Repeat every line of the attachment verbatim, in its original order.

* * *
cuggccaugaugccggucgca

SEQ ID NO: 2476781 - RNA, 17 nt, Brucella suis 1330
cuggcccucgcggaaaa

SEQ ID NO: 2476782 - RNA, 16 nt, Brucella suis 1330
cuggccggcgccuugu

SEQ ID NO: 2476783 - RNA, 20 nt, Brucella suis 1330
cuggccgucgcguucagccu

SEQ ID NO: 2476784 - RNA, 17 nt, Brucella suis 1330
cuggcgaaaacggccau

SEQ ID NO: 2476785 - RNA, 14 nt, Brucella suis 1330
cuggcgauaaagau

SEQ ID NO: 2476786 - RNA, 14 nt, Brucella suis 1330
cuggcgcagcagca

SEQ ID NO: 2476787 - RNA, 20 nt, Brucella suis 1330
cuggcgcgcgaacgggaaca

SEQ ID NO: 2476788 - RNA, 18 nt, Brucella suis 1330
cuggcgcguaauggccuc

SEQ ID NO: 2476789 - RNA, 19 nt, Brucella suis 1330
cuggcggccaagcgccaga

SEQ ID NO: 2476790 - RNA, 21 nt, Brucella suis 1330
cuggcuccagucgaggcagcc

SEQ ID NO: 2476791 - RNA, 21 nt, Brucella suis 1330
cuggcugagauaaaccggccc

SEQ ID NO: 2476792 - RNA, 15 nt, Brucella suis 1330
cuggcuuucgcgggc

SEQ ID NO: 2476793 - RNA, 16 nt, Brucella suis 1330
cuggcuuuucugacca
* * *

cuggccaugaugccggucgca

SEQ ID NO: 2476781 - RNA, 17 nt, Brucella suis 1330
cuggcccucgcggaaaa

SEQ ID NO: 2476782 - RNA, 16 nt, Brucella suis 1330
cuggccggcgccuugu

SEQ ID NO: 2476783 - RNA, 20 nt, Brucella suis 1330
cuggccgucgcguucagccu

SEQ ID NO: 2476784 - RNA, 17 nt, Brucella suis 1330
cuggcgaaaacggccau

SEQ ID NO: 2476785 - RNA, 14 nt, Brucella suis 1330
cuggcgauaaagau

SEQ ID NO: 2476786 - RNA, 14 nt, Brucella suis 1330
cuggcgcagcagca

SEQ ID NO: 2476787 - RNA, 20 nt, Brucella suis 1330
cuggcgcgcgaacgggaaca

SEQ ID NO: 2476788 - RNA, 18 nt, Brucella suis 1330
cuggcgcguaauggccuc

SEQ ID NO: 2476789 - RNA, 19 nt, Brucella suis 1330
cuggcggccaagcgccaga

SEQ ID NO: 2476790 - RNA, 21 nt, Brucella suis 1330
cuggcuccagucgaggcagcc

SEQ ID NO: 2476791 - RNA, 21 nt, Brucella suis 1330
cuggcugagauaaaccggccc

SEQ ID NO: 2476792 - RNA, 15 nt, Brucella suis 1330
cuggcuuucgcgggc

SEQ ID NO: 2476793 - RNA, 16 nt, Brucella suis 1330
cuggcuuuucugacca